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Documents for the San Jacinto project can be found and read/downloaded from this page.
Excerpt: "This letter and the enclosed reports and memoranda are based upon either an event (Hurricane Harvey) that occurred after the close of the public comment period on the PRAP or on a document, the October 2, 2017 USEPA Region 6 Memorandum, that was submitted to the Remedy Review Board following the close of the common period."
Excerpt: "Hurricane Harvey was certainly an “ultra-extreme” event, and should be considered a defining ultra-extreme event…The Time Critical Removal Action (TCRA) cap withstood the forces of Harvey, with only small areas of the TCRA armor being affected. "
Excerpt: "Hurricane Harvey was an extreme event and its occurrence creates an unusual opportunity to test assertions regarding long-term stability of the TCRA Armored Cap in the face of extreme hydrologic events and stresses. "
Excerpt: "Results of the evaluation confirm that Harvey was an extreme flood event with high velocities acting over the Armored Cap. Based on the modeling performed, it does not appear that Harvey produced higher forces on the Armored Cap than the large range of storm conditions simulated as part of both the TCRA (Anchor QEA 2010) and Draft Feasibility Study (Anchor QEA 2014). "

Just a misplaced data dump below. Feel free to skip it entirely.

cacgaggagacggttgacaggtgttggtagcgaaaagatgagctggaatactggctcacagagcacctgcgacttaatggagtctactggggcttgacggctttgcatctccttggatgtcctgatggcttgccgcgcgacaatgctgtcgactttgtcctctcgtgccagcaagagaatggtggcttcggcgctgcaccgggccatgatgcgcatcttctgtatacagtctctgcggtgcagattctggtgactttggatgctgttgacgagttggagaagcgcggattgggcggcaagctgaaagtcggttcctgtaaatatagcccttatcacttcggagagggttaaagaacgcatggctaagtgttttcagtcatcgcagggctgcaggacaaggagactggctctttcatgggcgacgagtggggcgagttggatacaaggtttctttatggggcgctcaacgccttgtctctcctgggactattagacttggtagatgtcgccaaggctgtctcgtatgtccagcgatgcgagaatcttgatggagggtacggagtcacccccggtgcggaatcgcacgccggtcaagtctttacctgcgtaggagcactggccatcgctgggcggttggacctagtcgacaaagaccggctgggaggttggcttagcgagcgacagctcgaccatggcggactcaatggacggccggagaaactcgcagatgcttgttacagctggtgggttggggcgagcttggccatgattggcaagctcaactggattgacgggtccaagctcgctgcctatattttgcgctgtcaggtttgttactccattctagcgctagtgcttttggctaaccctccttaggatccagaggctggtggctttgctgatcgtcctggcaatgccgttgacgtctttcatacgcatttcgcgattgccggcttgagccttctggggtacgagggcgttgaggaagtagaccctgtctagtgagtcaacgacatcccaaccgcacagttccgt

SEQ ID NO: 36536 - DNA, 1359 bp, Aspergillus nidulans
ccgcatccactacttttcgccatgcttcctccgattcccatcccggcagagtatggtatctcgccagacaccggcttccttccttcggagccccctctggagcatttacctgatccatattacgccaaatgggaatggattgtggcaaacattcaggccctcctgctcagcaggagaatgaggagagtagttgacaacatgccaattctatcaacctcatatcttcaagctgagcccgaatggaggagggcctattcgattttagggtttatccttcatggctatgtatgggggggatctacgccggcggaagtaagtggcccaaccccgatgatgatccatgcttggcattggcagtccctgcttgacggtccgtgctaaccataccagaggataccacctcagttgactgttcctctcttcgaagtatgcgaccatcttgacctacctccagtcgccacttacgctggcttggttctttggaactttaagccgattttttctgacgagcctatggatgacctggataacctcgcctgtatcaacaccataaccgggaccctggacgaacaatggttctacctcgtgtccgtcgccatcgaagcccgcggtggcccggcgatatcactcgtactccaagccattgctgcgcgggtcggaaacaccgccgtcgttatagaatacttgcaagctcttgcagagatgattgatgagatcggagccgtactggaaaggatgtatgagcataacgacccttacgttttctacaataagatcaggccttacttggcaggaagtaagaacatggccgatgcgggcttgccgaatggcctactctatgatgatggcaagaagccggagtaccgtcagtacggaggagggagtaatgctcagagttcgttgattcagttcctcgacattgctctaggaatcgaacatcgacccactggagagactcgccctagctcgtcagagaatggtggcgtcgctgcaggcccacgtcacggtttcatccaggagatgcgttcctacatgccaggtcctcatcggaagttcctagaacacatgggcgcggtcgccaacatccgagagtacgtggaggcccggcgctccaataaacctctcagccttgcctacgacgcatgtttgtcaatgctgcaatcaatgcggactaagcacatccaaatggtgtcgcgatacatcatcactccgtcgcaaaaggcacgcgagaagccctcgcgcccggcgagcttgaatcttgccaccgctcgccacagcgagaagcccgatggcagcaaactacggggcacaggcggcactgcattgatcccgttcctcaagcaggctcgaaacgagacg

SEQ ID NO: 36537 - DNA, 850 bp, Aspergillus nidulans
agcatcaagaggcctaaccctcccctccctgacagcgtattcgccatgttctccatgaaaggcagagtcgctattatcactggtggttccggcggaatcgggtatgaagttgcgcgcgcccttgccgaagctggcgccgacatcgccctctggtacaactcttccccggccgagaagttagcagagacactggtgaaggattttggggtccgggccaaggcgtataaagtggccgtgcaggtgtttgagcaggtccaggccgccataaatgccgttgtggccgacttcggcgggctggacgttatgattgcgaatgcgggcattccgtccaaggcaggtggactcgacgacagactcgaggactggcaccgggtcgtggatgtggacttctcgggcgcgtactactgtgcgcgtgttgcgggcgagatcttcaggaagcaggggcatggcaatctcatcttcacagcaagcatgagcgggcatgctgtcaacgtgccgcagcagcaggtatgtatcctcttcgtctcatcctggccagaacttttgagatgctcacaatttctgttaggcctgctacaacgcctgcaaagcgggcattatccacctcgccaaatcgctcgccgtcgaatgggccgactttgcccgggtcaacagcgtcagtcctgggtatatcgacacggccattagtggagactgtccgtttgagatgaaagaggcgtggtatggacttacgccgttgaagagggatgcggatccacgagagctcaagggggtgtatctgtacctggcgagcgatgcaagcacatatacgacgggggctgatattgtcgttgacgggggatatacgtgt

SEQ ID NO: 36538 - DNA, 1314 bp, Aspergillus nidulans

Excerpt: "Because it does not mention the TCRA armored cap, Region 6 also does not acknowledge that its preferred remedy for removal necessarily involves removal of that functioning cap – something that has never been done before and involves technical challenges and risks that were detailed in Respondents’ comments on Region 6’s Proposed Remedial Action Plan (Proposed Plan). "
"We strongly disagree with the proposed remedy put forth by the EPA. We are looking for the solution that best protects the environment and public health. We do not understand why the EPA would completely ignore their own consultant’s report, prepared by the Army Corp of Engineers, that concludes that removal of the wastes could significantly damage the environment and public health. It is disappointing that the EPA has apparently decided to ignore science and technical data. Excavation will result in resuspension of the material, worsening the river and putting nearby communities at risk for years to come. The Army Corps report and subsequent EPA-required testing around the site make clear that retaining and fortifying the cap – making it even stronger and permanent – is the best way to protect the river and surrounding communities. The sampling results demonstrate that no dioxin from waste is moving from the waste pits into groundwater below the pits or into surface water above the pits. We'll carefully review the EPA’s proposed remedy and maintain our focus on ensuring that the ultimate remedy fully protects public health and the environment. Together with the potentially affected communities and other groups interested in protecting the environment, we will work to make sure that the ultimate remedy follows the best science and technical data to protect the environment and citizens of Texas."